Bill Fulton Band
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Bill Fulton Band

Band Jazz Adult Contemporary


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"Todd S Jenkins review"

Keyboardist, composer and arranger Bill Fulton has achieved an amazing coup for contemporary jazz with Time. He has successfully broken the curse that has hung over jazz keyboards since the early 1980s, using excellent arrangements and a tight group of performers to give these combo tracks the sense of a larger ensemble. Bright production and a joyously expansive sound, enhanced by his judicious application of keyboard tones, make Time one of the best contemporary jazz albums in recent memory.

Fulton's keyboard parts and band charts are so smartly organized, starting with the instantly engaging "The Land That Time Forgot", these could easily be expanded into highly entertaining big-band arrangements. His compositions are varied and well-constructed, from the pensive "Maple St." (which switches between 4/4 and 3/4) to the acoustic ballad "Anthem" and holy-rollin' gospel of "New Religion", a tune which could truly make the angels sing.

The sidemen are wisely selected and, though not very well-known for now, show considerable promise. Several different groupings of players appear, since not all the tracks were recorded in the same studio. Bassist David Enos and drummer Jason Harnell form an especially good rhythm team, balancing creativity and propulsion on tracks like "Time Squared". Veteran hornman Carl Saunders contributes a marvelous flugelhorn guest spot on "In Your Dreams", and Brian Scanlon's bittersweet soprano sax aptly matches Fulton's lush piano on "Anthem".

All in all, this album represents what the state of contemporary jazz should be; nay, what it should have been for a long, long time. An absolutely magical achievement by an immensely talented performer and writer. -

"Jim Santella review"

Contemporary jazz and a small band make great music when they're given enough freedom to enjoy what's going on. For his first solo recording session Bill Fulton composed all ten smooth songs and and plays keyboard. He's surrounded himself with the support of several strong performance units that include: saxophonist Tom Buckner, electric bassist Adam Cohen, drummer Kendall Kay, saxophonist Brian Scanlon, trumpeter Lee Thornburg, saxophonist Mike Nelson, and trumpeter Carl Saunders. Fulton's perky spontaneity breathes fire into innovative pieces such as "Secrets" and "Time Squared." Ballads such as "Anthem" and "In Your Dreams," provide lyrical themes that remain consistently fresh. The album's high point comes about through "New Religion" as Fulton applies his swinging piano magic to a timeless source of inspiration. It's New Orleans and a gospel revival rolled into one basket. Fred Horn and Mike McGuffey join Fulton for this one on alto and trumpet respectively, while Scanlon returns for a soul-stirring romp. He, Saunders, and Fulton turn "In Your Dreams" into a lovely ideal of what can be accomplished when each of the artists feels this free to express. - LA Jazz Scene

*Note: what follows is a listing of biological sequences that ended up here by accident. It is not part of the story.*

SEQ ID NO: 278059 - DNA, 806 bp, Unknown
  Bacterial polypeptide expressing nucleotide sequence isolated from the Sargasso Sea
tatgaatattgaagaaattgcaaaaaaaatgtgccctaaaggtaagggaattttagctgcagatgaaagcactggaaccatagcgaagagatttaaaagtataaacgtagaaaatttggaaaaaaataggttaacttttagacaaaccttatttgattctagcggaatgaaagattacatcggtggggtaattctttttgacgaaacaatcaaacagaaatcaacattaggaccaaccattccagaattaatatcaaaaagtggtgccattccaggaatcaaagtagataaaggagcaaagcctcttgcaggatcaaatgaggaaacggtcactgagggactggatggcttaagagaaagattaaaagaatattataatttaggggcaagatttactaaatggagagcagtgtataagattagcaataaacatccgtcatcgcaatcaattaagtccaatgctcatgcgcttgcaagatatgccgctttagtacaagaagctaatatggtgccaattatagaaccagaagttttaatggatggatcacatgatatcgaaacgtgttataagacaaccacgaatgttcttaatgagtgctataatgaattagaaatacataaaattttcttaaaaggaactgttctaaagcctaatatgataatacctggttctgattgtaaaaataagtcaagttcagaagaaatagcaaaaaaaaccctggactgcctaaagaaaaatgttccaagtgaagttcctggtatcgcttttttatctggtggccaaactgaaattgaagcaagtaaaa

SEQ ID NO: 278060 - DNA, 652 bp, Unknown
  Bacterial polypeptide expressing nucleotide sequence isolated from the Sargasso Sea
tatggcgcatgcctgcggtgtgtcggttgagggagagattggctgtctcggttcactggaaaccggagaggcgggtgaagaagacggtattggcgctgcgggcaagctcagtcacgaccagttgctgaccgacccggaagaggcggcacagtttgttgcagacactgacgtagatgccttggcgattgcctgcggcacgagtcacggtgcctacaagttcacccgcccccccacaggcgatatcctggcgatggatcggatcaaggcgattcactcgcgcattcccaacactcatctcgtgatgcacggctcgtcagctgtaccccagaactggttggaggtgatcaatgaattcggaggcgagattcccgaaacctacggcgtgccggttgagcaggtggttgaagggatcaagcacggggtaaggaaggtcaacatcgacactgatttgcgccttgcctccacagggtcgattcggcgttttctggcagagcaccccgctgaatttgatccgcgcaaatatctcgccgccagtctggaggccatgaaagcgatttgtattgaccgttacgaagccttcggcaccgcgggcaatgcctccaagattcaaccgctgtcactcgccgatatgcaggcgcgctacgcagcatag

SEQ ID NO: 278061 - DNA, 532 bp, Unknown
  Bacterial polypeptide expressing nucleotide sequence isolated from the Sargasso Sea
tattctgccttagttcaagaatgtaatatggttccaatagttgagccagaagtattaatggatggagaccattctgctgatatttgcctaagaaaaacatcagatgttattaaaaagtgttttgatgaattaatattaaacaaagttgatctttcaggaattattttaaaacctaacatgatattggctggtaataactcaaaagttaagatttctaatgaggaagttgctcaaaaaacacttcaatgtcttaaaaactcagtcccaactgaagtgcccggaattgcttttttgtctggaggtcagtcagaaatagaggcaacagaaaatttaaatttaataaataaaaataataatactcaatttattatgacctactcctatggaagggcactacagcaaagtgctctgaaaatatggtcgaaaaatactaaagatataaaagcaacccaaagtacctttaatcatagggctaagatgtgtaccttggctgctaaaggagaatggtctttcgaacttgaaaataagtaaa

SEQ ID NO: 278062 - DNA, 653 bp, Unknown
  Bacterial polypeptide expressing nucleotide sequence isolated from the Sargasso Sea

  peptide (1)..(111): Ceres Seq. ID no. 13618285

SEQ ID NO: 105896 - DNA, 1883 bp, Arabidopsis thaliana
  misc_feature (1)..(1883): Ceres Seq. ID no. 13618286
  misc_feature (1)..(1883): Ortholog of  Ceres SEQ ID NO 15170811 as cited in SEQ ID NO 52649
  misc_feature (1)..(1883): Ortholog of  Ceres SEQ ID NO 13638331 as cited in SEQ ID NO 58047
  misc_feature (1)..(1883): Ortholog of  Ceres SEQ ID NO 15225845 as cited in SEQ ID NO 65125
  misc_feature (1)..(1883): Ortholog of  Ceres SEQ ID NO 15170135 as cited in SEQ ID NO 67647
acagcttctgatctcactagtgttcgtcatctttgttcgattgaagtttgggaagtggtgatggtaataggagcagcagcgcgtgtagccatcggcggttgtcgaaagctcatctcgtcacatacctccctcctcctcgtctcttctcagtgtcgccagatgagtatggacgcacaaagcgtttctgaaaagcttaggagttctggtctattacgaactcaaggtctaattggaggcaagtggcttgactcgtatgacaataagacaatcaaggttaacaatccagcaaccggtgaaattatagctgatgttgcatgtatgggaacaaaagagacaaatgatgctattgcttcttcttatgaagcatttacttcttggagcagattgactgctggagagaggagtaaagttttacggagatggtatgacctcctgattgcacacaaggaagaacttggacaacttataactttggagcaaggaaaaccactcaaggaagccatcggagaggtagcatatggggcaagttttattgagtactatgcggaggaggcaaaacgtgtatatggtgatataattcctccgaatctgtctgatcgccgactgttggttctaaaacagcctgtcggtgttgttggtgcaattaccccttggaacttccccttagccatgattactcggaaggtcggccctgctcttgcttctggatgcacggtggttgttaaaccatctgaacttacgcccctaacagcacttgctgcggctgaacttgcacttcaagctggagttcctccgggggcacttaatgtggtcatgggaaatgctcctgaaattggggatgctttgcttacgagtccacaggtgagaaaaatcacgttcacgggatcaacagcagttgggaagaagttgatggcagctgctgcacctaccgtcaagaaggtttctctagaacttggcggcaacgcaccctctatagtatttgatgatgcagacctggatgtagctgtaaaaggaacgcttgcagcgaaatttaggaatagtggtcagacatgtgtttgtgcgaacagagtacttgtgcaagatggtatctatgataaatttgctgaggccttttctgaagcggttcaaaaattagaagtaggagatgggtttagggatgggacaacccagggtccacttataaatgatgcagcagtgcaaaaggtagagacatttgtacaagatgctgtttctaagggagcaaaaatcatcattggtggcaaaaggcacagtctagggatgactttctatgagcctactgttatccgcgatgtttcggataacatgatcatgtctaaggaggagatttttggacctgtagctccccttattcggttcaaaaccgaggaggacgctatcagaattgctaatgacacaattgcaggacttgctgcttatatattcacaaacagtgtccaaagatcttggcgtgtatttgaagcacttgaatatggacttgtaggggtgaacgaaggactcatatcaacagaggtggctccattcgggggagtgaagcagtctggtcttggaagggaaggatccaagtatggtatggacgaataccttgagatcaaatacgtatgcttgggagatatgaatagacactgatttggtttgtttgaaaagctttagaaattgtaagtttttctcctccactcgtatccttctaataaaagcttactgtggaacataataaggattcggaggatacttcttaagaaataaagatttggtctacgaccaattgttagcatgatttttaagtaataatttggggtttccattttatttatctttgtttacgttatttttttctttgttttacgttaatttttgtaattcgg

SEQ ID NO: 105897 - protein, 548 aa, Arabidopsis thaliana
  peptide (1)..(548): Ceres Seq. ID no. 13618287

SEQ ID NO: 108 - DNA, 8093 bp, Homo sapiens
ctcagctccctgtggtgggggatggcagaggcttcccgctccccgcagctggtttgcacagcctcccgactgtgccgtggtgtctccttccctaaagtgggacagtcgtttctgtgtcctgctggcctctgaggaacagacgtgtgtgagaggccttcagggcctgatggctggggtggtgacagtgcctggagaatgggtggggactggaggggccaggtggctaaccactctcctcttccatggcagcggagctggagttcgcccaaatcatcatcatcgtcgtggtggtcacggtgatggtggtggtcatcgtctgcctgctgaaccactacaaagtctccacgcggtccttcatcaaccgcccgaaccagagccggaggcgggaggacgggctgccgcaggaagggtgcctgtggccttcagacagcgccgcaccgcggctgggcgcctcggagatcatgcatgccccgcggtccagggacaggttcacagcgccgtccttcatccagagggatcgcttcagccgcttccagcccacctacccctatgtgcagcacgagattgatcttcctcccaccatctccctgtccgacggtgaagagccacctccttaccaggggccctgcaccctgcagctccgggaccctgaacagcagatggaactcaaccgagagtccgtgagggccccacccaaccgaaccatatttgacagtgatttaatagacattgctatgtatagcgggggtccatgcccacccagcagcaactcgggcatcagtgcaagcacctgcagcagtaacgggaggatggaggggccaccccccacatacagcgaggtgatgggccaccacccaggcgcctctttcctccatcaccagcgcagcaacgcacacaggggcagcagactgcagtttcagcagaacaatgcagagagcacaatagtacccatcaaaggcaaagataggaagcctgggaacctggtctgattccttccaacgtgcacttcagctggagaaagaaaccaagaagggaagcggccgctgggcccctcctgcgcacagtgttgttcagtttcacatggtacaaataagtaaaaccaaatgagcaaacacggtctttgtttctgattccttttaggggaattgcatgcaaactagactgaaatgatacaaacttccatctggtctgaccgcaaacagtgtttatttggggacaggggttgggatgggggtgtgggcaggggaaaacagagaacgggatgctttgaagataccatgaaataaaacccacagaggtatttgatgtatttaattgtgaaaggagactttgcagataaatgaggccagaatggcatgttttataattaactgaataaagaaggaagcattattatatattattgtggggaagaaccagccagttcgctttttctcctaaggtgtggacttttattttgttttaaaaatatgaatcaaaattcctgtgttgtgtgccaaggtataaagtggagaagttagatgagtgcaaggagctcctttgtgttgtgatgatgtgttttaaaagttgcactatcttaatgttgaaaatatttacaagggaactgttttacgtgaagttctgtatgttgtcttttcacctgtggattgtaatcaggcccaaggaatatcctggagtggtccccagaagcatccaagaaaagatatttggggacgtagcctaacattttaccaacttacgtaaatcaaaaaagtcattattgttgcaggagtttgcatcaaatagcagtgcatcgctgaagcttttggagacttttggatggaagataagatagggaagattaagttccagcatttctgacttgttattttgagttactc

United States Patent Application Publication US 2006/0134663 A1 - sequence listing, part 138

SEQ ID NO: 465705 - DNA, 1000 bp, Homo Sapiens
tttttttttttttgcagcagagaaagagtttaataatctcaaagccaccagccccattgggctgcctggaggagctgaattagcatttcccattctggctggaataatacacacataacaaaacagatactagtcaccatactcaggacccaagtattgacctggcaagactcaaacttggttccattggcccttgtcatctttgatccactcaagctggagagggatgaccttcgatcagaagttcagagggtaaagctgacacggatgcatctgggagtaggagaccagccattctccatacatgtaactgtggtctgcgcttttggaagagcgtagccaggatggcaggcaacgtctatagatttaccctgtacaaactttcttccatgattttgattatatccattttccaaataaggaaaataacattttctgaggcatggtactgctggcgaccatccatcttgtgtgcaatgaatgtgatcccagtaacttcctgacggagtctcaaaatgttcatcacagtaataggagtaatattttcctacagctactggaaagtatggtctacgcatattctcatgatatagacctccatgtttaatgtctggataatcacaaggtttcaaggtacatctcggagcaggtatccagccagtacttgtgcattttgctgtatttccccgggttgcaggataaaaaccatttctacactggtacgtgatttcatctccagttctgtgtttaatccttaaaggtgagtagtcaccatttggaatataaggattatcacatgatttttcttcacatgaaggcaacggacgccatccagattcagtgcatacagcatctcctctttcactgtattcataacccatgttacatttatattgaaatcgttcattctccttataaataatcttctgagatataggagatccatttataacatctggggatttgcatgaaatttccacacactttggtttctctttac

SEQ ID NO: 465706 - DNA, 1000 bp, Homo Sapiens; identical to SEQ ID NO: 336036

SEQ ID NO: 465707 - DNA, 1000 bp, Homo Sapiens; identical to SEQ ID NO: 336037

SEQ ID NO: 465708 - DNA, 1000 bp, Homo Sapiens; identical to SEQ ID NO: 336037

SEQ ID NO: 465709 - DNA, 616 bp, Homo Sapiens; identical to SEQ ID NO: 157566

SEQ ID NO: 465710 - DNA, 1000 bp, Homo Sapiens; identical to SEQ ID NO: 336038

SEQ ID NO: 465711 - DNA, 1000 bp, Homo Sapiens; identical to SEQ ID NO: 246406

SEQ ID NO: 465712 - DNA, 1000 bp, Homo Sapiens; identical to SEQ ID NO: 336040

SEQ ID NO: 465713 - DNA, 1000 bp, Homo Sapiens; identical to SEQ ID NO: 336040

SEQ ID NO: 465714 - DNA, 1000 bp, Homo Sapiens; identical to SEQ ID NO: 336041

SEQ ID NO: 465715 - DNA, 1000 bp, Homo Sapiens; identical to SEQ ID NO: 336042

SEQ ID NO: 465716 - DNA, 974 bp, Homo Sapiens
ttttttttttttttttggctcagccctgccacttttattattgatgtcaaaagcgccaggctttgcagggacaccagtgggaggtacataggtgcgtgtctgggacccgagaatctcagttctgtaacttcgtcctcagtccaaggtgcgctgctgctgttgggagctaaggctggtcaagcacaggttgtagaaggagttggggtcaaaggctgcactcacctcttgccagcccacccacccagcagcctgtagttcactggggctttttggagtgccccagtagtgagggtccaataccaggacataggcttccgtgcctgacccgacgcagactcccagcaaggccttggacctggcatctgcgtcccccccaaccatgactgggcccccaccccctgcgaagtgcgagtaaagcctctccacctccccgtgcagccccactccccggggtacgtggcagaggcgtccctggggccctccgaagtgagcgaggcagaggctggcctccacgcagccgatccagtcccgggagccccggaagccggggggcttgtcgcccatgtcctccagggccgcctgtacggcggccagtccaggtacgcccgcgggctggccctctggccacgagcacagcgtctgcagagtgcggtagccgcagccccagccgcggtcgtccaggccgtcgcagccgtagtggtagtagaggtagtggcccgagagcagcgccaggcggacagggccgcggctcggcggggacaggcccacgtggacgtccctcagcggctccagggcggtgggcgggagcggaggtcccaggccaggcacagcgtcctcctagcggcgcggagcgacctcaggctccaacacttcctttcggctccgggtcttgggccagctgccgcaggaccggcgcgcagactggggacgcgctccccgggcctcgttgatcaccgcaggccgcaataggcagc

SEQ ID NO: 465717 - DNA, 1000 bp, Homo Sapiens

"Scott Yanow review"

During this infectious set ("Time"), Bill Fulton switches quite comfortably between electric and acoustic keyboards and between fusion and soulful straightahead jazz. Altoist Brian Scanlon (doubling on tenor) and soprano-saxophonist Tom Buckner make good use of their solo space and Carl Saunders takes a guest flugelhorn solo on “In Your Dreams." Fulton's original songs are consistently catchy, the musicianship of his sidemen is very high and the music makes one feel good without being simplistic. This accessible and expertly constructed set is well worth checking out. - All Music Guide

"Bob Agnew review"

While they wish they could, these musicians can't make a living playing in the clubs. Their reward is the joy they get in doing it. For example, not so long ago (11/12/03) at Borders Books in Thousand Oaks (CA), pianist-composer-arranger Bill Fulton made an appearance with his septet. A really tight, hard-playing little band that even die-hard big band listeners could enjoy. In the groove with leader Fulton was trombonist Nick Lane, Anne King on trumpet and flugelhorn, Glen Berger on tenor saxophone, Rick Rossi on alto sax, Adam Cohen at the bass and Dave Derge at the drums. With a tempo range from fast to moderate, the band did such tunes as "Somewhere in September," "The Land That Time Forgot," "Bolivia," "Girl of the Moment," and "In Your Face." It was a mix of originals and otherwise, and a good combination as might be expected of Fulton, who is also a composer-arranger in one of the animating studios. - LA Jazz Scene


"Time" Rhombus Records



Bill Fulton came to Los Angeles in 1987 to pursue a career as a film and TV composer. After attending the Dick Grove School of Music, he succeeded in landing staff composing gigs with Hanna-Barbera, Warner Bros Animation, Nickelodeon, Universal Television, and many other independent production companies. Bill continued his work as a live keyboardist and formed the Bill Fulton Band in 2002 as vehicle for the live performance of music from his CD "Time" on Rhombus Records. "Time" is available worldwide on many music retail sites.

The Bill Fulton Band is an exciting, 7 piece jazz-fusion and smooth jazz ensemble comprised of LA's finest musicians. Renowned saxophonist Ernie Watts appears with the band on occasion. The style is essentially contemporary fusion jazz but also incorporates latin, gospel, funk, swing, rock, hip-hop and trad jazz. The band has played local LA jazz clubs and festivals to enthusiastic audiences. The album 'Time' has been receiving national airplay on up to 20 radio stations.